A Strategic Plan Pivots to Navigate a Changing World
The first question one might ask is, why establish a strategic plan? The simple answer is that it provides direction and focus in the form of a written document. Such a plan is intended to be a roadmap for the organization, an outline for the heavy lifting needed to move forward.
The second question is, why change your strategic plan? The short answer is that most organizations don’t change the plan once it has been established. It may be a five-year plan that took eighteen months to develop. There was a lot of thought put into the plan, and it does take time to gain traction on the goals and objectives of such a plan, years in fact, so changing it too soon can be a hindrance to success. ACUI recently made the decision to change our strategic plan, much sooner than expected, and with a shorter timeframe to reassess progress and consider further adjustments.
Why the change?
Strategic planning surfaced in the mid-1960’s. You have probably participated in one form or another, including processes to examine the organization’s mission and vision, or to conduct a SWOT analysis. Manny Cunard, ACUI’s president in 1992-1993, helped to establish the association’s first strategic plan. Since then we have had regular strategic plans, typically following a traditional model with a five-year timetable to accomplish defined goals and objectives. More recently, we have developed Strategic Guideposts with Annual Priorities. The intent has been for the guideposts to set the overarching long-term direction for the association, with annual priorities being the tool to regularly update how we get there. We wanted to be realistic on what could be accomplished in a single year, to move the needle in stages rather than have it sit stagnant over a five-year period. We also wanted there to be flexibility to make slight adjustments, primarily through the annual priorities, to respond to external factors affecting the association.
While we expected to make minor adjustments based on factors that would surface from year to year, no one could have predicted the combined issues of 2020 - a global health pandemic, a major recession, and numerous incomprehensible racial injustices. Such challenges required more than a tweak to our plan, they necessitated revisions that were much more significant. Complicating our planning were the realities of having fewer staff and volunteers to implement a strategic plan, higher education in a state of confusion, and uncertainty regarding our world righting itself. Leaders of course do not sit idly by as the world changes, and so it is that the Board of Trustees approved a revised set of Strategic Guideposts and Annual Priorities, which will be in place through the 2022 Annual Conference.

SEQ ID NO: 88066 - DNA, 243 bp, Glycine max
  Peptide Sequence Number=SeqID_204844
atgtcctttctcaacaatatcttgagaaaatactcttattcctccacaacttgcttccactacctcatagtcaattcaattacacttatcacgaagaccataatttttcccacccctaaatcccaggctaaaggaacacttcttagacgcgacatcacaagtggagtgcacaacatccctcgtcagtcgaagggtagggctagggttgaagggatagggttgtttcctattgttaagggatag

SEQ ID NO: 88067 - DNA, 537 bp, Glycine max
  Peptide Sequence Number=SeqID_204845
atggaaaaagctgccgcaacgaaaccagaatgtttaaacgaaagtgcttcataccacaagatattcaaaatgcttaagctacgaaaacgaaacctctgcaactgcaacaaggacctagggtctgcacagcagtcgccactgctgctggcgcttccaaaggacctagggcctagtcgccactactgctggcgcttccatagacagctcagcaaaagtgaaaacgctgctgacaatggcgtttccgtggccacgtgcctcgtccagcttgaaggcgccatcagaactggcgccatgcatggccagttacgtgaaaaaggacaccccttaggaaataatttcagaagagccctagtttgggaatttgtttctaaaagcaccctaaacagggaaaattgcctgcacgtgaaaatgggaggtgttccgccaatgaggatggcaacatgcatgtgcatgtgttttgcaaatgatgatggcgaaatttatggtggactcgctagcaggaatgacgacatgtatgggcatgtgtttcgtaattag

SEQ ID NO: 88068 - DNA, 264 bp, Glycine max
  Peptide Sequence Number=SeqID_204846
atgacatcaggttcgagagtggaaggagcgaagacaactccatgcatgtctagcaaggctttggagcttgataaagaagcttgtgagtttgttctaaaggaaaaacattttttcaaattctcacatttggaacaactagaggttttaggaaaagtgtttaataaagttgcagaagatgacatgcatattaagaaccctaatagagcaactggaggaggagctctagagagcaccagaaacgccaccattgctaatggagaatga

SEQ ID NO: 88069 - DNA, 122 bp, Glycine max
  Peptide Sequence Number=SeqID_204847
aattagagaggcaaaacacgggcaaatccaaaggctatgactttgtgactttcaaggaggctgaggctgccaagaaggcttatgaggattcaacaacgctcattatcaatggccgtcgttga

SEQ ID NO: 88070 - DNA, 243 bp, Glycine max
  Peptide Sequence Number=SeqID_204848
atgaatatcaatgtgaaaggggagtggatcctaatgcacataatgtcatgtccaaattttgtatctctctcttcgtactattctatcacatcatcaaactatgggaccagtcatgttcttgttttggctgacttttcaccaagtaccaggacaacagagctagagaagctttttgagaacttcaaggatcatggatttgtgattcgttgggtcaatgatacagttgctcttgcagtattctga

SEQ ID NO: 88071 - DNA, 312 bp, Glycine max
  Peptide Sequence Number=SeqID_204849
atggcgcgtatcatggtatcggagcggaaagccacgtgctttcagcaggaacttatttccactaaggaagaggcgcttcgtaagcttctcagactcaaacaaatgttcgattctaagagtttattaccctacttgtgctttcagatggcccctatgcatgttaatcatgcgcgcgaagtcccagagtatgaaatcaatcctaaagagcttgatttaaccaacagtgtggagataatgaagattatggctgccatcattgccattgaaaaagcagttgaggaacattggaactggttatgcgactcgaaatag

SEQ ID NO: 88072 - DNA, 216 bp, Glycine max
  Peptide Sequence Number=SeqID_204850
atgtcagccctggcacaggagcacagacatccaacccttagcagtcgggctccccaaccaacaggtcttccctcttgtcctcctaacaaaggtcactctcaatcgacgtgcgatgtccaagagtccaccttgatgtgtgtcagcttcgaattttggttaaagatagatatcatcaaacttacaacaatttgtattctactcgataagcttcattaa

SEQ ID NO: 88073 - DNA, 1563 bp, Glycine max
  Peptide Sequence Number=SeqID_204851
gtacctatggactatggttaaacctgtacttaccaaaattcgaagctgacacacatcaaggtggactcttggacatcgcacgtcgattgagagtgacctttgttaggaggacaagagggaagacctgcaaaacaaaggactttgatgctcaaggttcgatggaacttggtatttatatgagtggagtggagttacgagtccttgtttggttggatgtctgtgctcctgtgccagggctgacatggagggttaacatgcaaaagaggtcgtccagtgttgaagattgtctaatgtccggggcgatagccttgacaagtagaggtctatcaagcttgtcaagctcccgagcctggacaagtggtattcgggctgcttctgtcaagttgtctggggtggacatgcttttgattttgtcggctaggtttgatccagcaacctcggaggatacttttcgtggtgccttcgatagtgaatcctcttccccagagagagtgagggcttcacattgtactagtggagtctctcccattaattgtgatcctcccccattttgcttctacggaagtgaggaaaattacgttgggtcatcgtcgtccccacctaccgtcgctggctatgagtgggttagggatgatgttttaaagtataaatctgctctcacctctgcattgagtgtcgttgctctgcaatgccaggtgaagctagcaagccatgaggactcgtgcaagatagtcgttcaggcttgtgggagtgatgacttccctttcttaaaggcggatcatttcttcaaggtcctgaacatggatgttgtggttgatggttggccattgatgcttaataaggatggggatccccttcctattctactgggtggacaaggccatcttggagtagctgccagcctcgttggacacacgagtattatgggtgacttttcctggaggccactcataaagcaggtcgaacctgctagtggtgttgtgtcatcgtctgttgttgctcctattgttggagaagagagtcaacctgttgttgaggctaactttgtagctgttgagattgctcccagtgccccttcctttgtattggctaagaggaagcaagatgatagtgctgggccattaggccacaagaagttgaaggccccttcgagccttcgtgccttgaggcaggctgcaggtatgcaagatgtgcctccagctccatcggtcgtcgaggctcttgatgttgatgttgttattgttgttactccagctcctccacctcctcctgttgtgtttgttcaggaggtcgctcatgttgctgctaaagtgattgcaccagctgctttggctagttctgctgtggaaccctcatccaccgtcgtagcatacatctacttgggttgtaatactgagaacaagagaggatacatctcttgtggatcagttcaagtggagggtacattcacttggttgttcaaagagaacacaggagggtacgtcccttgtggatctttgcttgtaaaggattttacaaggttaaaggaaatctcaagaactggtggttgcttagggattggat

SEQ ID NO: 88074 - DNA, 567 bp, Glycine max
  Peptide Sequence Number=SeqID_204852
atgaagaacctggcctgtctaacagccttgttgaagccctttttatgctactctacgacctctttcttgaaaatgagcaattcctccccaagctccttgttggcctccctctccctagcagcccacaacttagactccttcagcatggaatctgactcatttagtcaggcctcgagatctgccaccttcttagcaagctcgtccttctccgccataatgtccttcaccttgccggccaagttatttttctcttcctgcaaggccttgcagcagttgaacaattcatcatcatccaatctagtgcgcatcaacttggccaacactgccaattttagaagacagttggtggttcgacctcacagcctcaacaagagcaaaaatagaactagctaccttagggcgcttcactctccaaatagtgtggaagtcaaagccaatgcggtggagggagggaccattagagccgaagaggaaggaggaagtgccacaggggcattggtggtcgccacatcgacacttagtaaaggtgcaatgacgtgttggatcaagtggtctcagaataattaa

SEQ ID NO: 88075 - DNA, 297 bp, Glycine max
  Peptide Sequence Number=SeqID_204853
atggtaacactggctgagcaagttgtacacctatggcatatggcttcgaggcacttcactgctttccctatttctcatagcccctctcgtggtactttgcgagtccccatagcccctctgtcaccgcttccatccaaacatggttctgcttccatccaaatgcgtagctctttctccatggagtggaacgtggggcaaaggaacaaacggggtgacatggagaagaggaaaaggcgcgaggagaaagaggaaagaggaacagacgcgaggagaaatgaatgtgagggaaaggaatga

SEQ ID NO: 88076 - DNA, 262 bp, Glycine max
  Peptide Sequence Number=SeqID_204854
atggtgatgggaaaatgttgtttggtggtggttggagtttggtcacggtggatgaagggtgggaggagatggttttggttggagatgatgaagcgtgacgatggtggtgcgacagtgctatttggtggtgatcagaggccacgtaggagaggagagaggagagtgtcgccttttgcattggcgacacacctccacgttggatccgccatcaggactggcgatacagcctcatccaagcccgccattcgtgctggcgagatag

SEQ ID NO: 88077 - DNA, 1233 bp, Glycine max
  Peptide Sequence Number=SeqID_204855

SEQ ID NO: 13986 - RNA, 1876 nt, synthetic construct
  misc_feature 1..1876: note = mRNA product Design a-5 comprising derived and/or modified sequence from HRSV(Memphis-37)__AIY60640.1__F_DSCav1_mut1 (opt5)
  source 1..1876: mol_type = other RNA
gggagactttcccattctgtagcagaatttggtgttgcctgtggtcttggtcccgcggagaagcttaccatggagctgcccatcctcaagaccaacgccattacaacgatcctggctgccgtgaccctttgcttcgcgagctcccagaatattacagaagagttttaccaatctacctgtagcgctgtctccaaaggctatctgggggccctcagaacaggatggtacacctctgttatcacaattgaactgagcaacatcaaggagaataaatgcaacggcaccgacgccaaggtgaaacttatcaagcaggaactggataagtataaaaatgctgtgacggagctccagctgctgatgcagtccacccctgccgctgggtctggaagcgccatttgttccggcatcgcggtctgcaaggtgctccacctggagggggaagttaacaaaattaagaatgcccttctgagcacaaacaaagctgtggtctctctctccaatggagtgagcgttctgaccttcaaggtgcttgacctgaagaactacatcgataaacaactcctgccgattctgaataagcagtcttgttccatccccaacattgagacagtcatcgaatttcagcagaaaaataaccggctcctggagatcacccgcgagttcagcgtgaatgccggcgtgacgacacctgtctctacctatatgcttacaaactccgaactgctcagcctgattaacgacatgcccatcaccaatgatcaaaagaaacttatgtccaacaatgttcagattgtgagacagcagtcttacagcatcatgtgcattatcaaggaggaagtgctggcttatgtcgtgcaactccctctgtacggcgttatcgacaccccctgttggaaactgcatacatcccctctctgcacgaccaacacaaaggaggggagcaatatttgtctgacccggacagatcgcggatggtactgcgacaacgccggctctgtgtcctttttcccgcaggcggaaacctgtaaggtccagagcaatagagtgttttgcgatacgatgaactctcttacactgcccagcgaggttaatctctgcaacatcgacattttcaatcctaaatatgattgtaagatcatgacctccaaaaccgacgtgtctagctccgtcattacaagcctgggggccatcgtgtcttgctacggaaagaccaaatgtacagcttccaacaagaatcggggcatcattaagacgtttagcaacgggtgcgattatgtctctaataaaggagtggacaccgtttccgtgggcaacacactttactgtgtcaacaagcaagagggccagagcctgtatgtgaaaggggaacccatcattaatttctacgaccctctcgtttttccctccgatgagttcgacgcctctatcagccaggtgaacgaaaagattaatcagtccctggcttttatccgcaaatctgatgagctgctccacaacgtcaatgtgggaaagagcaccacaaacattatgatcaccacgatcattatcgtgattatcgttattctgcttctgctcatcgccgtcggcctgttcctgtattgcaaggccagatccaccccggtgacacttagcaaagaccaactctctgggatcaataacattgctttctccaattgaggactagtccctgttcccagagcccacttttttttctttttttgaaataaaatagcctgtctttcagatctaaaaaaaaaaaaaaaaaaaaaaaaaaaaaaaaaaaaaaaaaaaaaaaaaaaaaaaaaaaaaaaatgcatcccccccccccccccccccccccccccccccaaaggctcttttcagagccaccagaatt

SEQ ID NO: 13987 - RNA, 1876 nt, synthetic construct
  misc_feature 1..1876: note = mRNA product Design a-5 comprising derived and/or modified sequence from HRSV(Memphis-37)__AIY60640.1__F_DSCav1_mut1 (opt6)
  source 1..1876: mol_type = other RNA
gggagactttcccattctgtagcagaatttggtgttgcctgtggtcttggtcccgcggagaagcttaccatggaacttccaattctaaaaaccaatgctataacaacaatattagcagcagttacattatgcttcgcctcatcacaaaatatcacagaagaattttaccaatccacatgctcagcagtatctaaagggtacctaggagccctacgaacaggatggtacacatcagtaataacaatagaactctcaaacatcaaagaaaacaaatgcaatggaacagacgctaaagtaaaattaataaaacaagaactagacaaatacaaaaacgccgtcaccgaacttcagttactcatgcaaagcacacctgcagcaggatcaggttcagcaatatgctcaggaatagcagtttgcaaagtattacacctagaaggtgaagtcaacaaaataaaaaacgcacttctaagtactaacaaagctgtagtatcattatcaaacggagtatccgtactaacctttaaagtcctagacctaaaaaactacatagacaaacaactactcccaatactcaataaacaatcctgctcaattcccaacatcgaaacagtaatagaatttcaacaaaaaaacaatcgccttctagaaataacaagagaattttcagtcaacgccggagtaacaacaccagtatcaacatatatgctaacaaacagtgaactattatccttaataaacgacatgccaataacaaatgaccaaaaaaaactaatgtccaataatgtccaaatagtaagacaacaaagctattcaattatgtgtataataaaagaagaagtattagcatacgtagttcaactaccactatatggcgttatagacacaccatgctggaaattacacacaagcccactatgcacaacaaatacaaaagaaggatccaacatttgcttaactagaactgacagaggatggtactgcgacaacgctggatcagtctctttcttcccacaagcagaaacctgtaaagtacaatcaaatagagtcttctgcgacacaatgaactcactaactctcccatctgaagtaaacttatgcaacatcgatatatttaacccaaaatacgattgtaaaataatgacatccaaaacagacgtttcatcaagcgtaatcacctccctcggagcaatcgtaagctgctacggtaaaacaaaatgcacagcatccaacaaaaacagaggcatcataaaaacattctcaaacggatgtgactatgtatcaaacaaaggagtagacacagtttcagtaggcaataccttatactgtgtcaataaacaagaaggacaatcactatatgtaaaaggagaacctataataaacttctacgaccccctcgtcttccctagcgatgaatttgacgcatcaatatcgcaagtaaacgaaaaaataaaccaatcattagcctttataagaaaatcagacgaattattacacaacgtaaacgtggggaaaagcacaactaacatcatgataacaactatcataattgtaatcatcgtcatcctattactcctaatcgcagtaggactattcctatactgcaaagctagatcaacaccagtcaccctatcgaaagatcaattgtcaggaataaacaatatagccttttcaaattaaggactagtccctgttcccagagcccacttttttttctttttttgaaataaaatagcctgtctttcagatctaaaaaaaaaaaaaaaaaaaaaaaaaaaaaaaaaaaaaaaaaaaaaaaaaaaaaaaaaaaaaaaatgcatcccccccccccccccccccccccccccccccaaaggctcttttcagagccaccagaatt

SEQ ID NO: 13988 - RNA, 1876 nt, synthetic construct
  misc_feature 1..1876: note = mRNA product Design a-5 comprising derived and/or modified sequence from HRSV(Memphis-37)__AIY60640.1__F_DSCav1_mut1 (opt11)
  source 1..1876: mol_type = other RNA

Strategic Guidepost #1 is to Advance campus community through social justice and education to overcome racism and anti-Blackness. ACUI has for decades worked to support and advance diversity, equity, and inclusion across the profession, and we need to do more. Our social justice resources, Closing the Gap program, and awards like the Joseph H. Benedict Jr. Social Change Award for Racial Justice are examples. The aim of this guidepost is to support professionals’ social justice work to address and overcome individual and systemic racism in our unions and on campus, in our association, throughout higher education, and across society. It may be ambitious to say our efforts will prompt societal change, but what better avenue than through the educators of college students; professionals who help to shape the future leaders of tomorrow.
Strategic Guidepost #2 is to Actively engage members and promote the Association to ensure the continued success of ACUI. On the surface this guidepost doesn’t look new or overly crucial, as we’ve always sought to engage members and to promote the Association. Underlying its importance is the financial impact of the pandemic on institutional support for professional development. We know the challenges facing campuses and the reality that we may lose institutional members due to dramatic budget cuts. As we have since the start of the pandemic, we will adjust our educational content and demonstrate value to members. By increasing our online resources, moving our face-to-face programs to virtual, and providing timely information like COVID-19 resources, we have and will continue to transform our programs and services to meet the current needs of our members.
Strategic Guidepost #3 is to Identify viable strategic solutions to ensure the financial stability of the Association. It’s no surprise that ACUI, like many other non-profits, is in a difficult financial situation due to the impact of the pandemic and subsequent recession. We have an uphill climb as we continue to prioritize resources, mitigate expenses, and look for opportunities to grow nontraditional revenues. We will be innovative as we look for avenues to stabilize our financial position, so that we may ensure the future success of the association and its support of college union and student activities professionals.
The Board of Trustees, Central Office staff, and all of our volunteers are committed to this strategic plan and will be setting goals to contribute to its success. While I don’t expect another pivot, there are still three months left in 2020, and as we’ve learned during this volatile year, just about anything is possible. Regardless, the association will continue to advance campus community, to support our members as we all navigate a changing world.